RIDOT Offers Preview of Expansive I-95 North Project
December 11, 2020
PROVIDENCE — It’s safe to say that if you’ve ever driven on Interstate 95 northbound near the mall, you’ve put your life in other people’s steering-wheel-gripping hands. This area, known as the Providence viaduct, had more than 1,000 vehicle crashes between 2009 and 2014, and can back up for several miles during rush hour.
“This corridor has easily become the most congested section of highway in the state,” Anthony Pompei, a project manager for the Rhode Island Department of Transportation (RIDOT), said during a Dec. 10 online presentation. “The existing Providence viaduct was originally constructed back in the ’60s to carry I-95 through downtown Providence and was originally constructed to carry less than 60,000 vehicles per day. This corridor now processes nearly four times that amount, making it the third-most traveled interstate in all of New England.”
The I-95 south-side section of the viaduct was revamped in 2017, but the northbound section — which includes ramps to and from downtown, an exit to state offices, and connections to Route 146 and the 6/10 Connector — has suffered not only from traffic backlogs and accidents but also crumbling infrastructure.
“Carrying significantly more traffic than it was initially designed for has also led to the accelerated deterioration of the bridge structures,” Pompei said. “Due to these structural deficiencies, RIDOT has conducted bimonthly bridge inspections of the viaduct and performed several emergency repairs.”
With the situation growing more dire, RIDOT has secured a $60.3 million federal Infrastructure for Rebuilding America (INFRA) grant as part of a larger pool of funds to revamp this outdated section of interstate. They showcased the preliminary designs at the recent virtual meeting.
One featured improvement includes a connector-distributor road on the northbound side near Providence Place, which will be separated from the other lanes by a barrier. RIDOT says this will reduce traffic and accidents where the ramps from downtown and the 6/10 Connector merge to I-95 North, and where cars scoot across lanes to jump on Route 146, exit at the state offices, or continue northward to Pawtucket and beyond.
“Adding that new connector-distributor roadway allows for a more efficient set of connections from Atwells [Avenue] and the ramps and reduces that problematic of weaving,” said Matthew D’Angelo, a design manager for HNTB, an infrastructure design firm helping with the project.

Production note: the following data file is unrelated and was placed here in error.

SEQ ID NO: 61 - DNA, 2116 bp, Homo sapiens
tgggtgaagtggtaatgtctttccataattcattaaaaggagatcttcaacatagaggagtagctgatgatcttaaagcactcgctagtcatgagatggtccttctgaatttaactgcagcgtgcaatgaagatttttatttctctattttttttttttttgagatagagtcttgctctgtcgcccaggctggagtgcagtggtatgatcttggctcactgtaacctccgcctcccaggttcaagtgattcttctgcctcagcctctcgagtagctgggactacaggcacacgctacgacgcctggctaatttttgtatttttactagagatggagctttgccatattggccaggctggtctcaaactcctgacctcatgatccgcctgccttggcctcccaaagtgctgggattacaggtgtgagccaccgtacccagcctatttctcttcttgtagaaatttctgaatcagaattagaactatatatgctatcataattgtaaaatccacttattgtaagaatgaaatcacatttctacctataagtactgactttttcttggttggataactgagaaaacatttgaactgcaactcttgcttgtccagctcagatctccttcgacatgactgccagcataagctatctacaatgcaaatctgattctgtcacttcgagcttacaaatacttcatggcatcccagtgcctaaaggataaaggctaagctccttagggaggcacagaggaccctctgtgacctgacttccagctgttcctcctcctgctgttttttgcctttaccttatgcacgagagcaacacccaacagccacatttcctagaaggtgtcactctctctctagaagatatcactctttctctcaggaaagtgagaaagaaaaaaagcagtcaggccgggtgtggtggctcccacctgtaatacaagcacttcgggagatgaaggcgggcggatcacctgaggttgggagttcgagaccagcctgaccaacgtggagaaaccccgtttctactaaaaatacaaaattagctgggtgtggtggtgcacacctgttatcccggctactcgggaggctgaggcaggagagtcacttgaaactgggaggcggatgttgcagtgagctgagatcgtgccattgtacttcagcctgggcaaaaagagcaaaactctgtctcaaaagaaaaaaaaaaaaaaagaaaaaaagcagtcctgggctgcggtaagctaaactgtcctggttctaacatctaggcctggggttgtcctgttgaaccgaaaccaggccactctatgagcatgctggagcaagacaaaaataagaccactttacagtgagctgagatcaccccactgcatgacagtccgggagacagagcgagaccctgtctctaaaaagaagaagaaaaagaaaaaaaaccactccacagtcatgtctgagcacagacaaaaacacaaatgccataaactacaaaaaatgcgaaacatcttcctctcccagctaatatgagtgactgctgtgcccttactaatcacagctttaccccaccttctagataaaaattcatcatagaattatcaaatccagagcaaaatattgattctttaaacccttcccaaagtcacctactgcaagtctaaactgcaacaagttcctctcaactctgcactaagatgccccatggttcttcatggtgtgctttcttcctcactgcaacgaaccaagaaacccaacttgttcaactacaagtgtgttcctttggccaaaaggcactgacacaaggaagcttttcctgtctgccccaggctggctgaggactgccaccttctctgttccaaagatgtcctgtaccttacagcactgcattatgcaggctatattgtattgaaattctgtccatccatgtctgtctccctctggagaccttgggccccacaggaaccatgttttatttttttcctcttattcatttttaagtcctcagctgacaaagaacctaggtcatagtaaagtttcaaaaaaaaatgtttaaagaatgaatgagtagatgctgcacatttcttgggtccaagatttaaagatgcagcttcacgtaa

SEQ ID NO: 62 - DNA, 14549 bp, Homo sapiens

Other improvements include creating a new Route 146 bridge near the Orms Street exit, a repair of the Atwells Avenue on-ramp, and rebuilding 11 bridges along the route.
Concerns from the public were minimal and ranged from questions about noise due to construction and pile driving to safer pedestrian and bicycle crossing on the Orms Street bridge.
“We’re just finishing preliminary design and heading towards final design,” Pompei said. “So all of those discussions are currently just starting and getting underway.”
He urged participants to engage with the city of Providence, which hosts separate community outreach for all city roadwork.
The project is expected to cost $265 million and the work is scheduled to start this spring, with completion anticipated by summer 2025.
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all highway expansion proposals talk of "safety" but in reality they build a system that overall is unusually dangerous, attracting even more traffic and vehicle miles, and putting the congestion somewhere else. As a goal of the project is to promote even faster speeds to tear thru Providence, any crashes will be even more deadly. It widens an already excessive highway gash in central Providence that separates the downtown core/mall area from developments to the west, and note they didn’t even mention what it would be like to walk under the resulting even wider viaduct, perhaps they want everyone to drive and not walk. And it undermines any attempt to promote going thru Providence by alternatives such as the passenger rail from Wickford Jct to Boston, soon to stop in Pawtucket. For $265 million we can run the RIPTA buses fare-free for a decade or more and build out and connect all the planned bike routes. It is incredible that in this day and age of climate crisis, failing land use goals, and the need to reduce driving even in the state’s Long Range Transportation Plan, RIDOT’s 1950s thinking still wants to greatly widen an expressway right in the heart of a historic city. Sad!
Thank you, barry, for that excellent rebuke. You of all people shouldn’t be surprised by this project in this day and age. RIDOT has been promoting this project for nearly 15 years. I know that I heard about the collector lane when I was Transportation Chair of the RI Sierra Club way back when. The old guard wants their gleaming roadways. You can see their thinking on the new bridges spanning 6/10 connector. The community has paid tens of thousands for "bridge balconies" so that pedestrians can stop and watch the traffic below. Do you think any of those engineers have spent any time on those bridges, not in a car. As a pedestrian, the crossings are over explosively loud alleyways filled with noxious fumes. Most people want to pass over the roadways as quickly as possible. And yet, we have balconies.